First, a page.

• Sarah Raad


Updated: Dec 29, 2020

Christ Crucified embraces all the world and takes our pain unto Himself.

Christ embracing Saint Francis of Assisi

Yesterday while I was praying in the church for so many intentions – my dear friend Vanessa, the mother who mourns, the families of Baby Charbel and young Raphael, and all those who have lost loved ones in recent times – I suddenly remembered all those who feel lost and alone.

Those lonely rejected came to mind.

What a terrible feeling rejection creates. How awful it feels to offer something with all our love only to be rebuffed as though we offered nothing of value at all. At times, it seems as though our pearls are trampled by swine.

I thought particularly of those lonely ones, for whom Christmas is a day of quiet solitude and despair. I thought of all the broken hearts in all the world. I thought of all the couples who have separated through death, divorce or a break-up. I thought of all the humans who are in this moment, being rejected by a loved one – being told they are unloved and unwanted – despite all the love and effort they have offered.

I could feel their despair. I could hear their thoughts – there have been times when I have thought such things myself… “If I gave everything that I had to give and it was not enough to save this relationship, what chance have I ever got of making a relationship work and feeling loved and wanted and worthwhile?”

And while I was thinking of these lonely ones, I looked up, above the altar, during the consecration, and I was suddenly struck by the image of Christ on the Cross.

That monstrously magnificently glorious image is one I have seen represented in various forms all my life. In fact, one could argue that I have seen this image so often that I have become desensitised to it. This image of the most innocent Christ, unjustly and barbarously crucified on the Cross, in His DYING AGONY has almost faded into the background of my subconscious.

And yet, suddenly – now, during the season on Advent, when the nativity scene is placed at the foot of the altar awaiting its cute little porcelain baby Jesus to be placed inside the porcelain manger during Midnight Mass – this image of Christ, DYING on the Cross simply strikes me as profound.

While we await His birth, we really await His death – and His triumph over death through His Resurrection.

There, on His Cross, Christ emptied himself out for all the world to the point where he did not even have blood left in his veins, but instead, when His sacred side was pierced with a spear, blood and water spilled out.

On the Cross, Christ’s arms are open to embrace all the world. Imagine His pain. His shoulders would have been stretched so tightly on the Cross and his legs pulled so tightly downward that Christ would have struggled for each breath that he took, bearing down upon his feet and hands, pierced through tendons by nails, to rise up and breathe for hours and hours and hours until he died.

For Christ, who is the perfect example for us – there was great pain in that sacrifice and giving.

Great love.

Through this position of embrace, Christ takes our imperfectly sinful selves into his very perfect and Divine essence, and in doing so, fulfils the words that the priest repeats during Mass – He washes away our iniquity, and cleanses us of our sins.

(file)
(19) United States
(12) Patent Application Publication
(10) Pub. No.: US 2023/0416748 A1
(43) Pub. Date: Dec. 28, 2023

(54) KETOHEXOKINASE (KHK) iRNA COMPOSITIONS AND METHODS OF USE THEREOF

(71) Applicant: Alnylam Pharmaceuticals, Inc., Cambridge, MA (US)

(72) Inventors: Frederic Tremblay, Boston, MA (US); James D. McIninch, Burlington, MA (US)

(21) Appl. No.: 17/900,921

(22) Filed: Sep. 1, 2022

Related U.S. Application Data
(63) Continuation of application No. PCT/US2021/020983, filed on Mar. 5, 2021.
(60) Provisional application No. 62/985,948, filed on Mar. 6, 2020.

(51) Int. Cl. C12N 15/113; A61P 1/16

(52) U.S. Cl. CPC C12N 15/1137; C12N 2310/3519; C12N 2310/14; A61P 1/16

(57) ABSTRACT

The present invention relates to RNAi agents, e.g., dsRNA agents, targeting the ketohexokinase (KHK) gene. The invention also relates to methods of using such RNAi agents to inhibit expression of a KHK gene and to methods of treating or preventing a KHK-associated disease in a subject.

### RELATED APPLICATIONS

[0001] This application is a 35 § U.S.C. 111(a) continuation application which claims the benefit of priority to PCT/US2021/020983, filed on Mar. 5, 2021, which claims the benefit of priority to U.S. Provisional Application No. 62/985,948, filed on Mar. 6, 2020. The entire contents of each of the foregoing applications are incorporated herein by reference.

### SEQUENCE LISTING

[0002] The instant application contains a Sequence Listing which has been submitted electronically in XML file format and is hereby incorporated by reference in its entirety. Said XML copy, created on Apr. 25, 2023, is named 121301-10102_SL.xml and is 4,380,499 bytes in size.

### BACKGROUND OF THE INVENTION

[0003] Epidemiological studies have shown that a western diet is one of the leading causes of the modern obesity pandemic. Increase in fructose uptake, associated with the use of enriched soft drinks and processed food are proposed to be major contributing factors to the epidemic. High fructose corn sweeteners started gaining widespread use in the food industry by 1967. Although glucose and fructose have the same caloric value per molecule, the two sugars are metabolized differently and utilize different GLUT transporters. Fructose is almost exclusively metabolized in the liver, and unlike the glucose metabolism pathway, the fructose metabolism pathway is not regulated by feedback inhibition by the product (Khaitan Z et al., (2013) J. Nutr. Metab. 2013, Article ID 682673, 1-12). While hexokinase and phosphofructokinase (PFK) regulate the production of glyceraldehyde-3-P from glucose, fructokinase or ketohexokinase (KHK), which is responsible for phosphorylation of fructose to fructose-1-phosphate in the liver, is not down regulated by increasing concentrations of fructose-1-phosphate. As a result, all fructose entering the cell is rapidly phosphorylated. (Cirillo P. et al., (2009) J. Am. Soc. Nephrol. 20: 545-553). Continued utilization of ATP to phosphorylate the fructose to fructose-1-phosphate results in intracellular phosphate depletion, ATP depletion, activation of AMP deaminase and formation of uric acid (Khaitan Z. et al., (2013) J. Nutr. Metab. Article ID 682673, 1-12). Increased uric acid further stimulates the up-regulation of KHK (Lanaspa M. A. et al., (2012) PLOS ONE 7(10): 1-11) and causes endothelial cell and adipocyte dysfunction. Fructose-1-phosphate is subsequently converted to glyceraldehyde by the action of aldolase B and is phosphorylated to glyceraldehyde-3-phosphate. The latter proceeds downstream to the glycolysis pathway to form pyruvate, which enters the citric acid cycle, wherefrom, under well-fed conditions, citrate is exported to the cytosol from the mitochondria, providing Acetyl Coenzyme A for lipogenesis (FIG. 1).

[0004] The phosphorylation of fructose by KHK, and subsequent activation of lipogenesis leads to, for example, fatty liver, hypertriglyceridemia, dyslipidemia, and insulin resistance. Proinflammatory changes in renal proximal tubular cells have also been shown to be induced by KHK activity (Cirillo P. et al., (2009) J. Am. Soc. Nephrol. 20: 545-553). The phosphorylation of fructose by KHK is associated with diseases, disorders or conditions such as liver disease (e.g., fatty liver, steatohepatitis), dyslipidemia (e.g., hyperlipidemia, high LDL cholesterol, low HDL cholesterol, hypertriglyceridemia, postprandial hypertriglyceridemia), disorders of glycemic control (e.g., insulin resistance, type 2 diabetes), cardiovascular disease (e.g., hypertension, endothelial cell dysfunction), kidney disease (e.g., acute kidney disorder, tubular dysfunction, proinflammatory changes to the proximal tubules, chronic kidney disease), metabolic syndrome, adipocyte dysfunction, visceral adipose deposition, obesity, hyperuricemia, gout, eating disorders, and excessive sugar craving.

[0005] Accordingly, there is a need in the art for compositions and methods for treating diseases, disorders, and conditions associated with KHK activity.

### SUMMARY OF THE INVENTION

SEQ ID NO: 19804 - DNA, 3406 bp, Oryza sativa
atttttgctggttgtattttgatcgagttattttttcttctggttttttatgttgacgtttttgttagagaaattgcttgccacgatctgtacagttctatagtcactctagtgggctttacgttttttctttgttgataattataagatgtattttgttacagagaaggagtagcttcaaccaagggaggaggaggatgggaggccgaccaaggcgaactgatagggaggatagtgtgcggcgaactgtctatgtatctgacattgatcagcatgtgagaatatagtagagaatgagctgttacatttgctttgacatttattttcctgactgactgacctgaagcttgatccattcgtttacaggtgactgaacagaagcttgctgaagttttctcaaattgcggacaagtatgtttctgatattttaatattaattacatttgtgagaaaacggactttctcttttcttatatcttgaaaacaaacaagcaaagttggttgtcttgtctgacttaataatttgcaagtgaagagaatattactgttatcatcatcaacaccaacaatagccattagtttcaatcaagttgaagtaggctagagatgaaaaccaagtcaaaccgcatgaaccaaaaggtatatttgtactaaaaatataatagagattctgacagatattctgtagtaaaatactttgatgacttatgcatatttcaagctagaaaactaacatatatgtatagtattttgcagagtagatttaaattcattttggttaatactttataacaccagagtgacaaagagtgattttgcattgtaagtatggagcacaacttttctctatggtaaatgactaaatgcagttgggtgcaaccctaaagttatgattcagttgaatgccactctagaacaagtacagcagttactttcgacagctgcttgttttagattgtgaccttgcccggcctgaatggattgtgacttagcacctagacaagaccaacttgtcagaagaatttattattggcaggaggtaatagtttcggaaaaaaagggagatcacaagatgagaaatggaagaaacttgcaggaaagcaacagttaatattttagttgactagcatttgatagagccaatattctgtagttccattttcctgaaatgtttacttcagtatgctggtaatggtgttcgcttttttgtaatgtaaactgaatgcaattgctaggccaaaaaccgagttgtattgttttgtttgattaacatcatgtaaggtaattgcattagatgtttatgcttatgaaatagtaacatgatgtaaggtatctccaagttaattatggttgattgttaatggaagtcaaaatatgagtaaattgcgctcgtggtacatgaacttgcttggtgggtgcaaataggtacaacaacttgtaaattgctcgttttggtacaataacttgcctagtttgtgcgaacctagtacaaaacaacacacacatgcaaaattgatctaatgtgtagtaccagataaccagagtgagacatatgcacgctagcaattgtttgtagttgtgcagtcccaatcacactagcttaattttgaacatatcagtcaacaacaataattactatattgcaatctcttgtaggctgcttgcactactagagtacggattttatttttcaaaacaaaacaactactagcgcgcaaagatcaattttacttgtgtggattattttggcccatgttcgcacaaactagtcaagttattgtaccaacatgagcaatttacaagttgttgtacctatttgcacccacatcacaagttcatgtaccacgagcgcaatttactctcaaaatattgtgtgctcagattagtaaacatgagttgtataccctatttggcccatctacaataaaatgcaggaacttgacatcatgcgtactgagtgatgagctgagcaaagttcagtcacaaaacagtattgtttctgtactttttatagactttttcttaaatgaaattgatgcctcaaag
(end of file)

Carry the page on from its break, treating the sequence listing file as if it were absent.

And yet, despite giving us literally everything – including His very life – we continue to reject Him. We continue in sin. We comfort ourselves with vices, as they are easier to maintain than virtues.

So, when we feel alone and rejected, who are we to complain?

For, who could ever experience a greater rejection than Christ Himself as he hung dying on that Cross?

God so loved the world, that He gave His only Son to SAVE IT. And we, who are so readily saved, cannot see the suffering of Christ in the world.

We have blinded ourselves to the sacrifices of our neighbours…

We cannot see the one time our partner turned away and chose not to respond and upset us. We cannot see the one time our sibling tried to keep the peace. We cannot see the one time our child picked up one thing off the floor. We cannot see the one time a sales assistant offered to help us even though they were having a bad day. We cannot see the one time a parent called to check on us, talking about only us, when they had such worries of their own.

Just as I am desensitised to the Cross behind the altar; I wonder, perhaps, if we too are also desensitised to the Crosses of OTHERS that are offered for US.

Perhaps the Crosses of our neighbours are not perfect sacrifices, as Christ’s sacrifice for us – but they are sacrifices, nonetheless.

If we could only learn to see these sacrifices for what they really are, we would rejoice for all the world to see. Only then could we would truly dance along the way to Calvary, carrying our Cross.

For we would know that we are never alone.

We are surrounded by God – as Christ crucified on the Cross – in the imperfect sacrifices of all our imperfect neighbours.

And so, as we walk past a million Crosses behind a million Altars in a million Churches in all the world, and barely have the perception to notice one of them – we could save ourselves the anguish of a lonely heart. All we would need is to be able to recognise the Cross wherever it is. We just need to take a moment, stop, look up… and see.

For He was BORN to DIE so that we could LIVE.

And how senseless it would be to reject a gift like that!

For with prayer and the grace provided by prayer, everything is clear. Here. At the Foot of the Cross.

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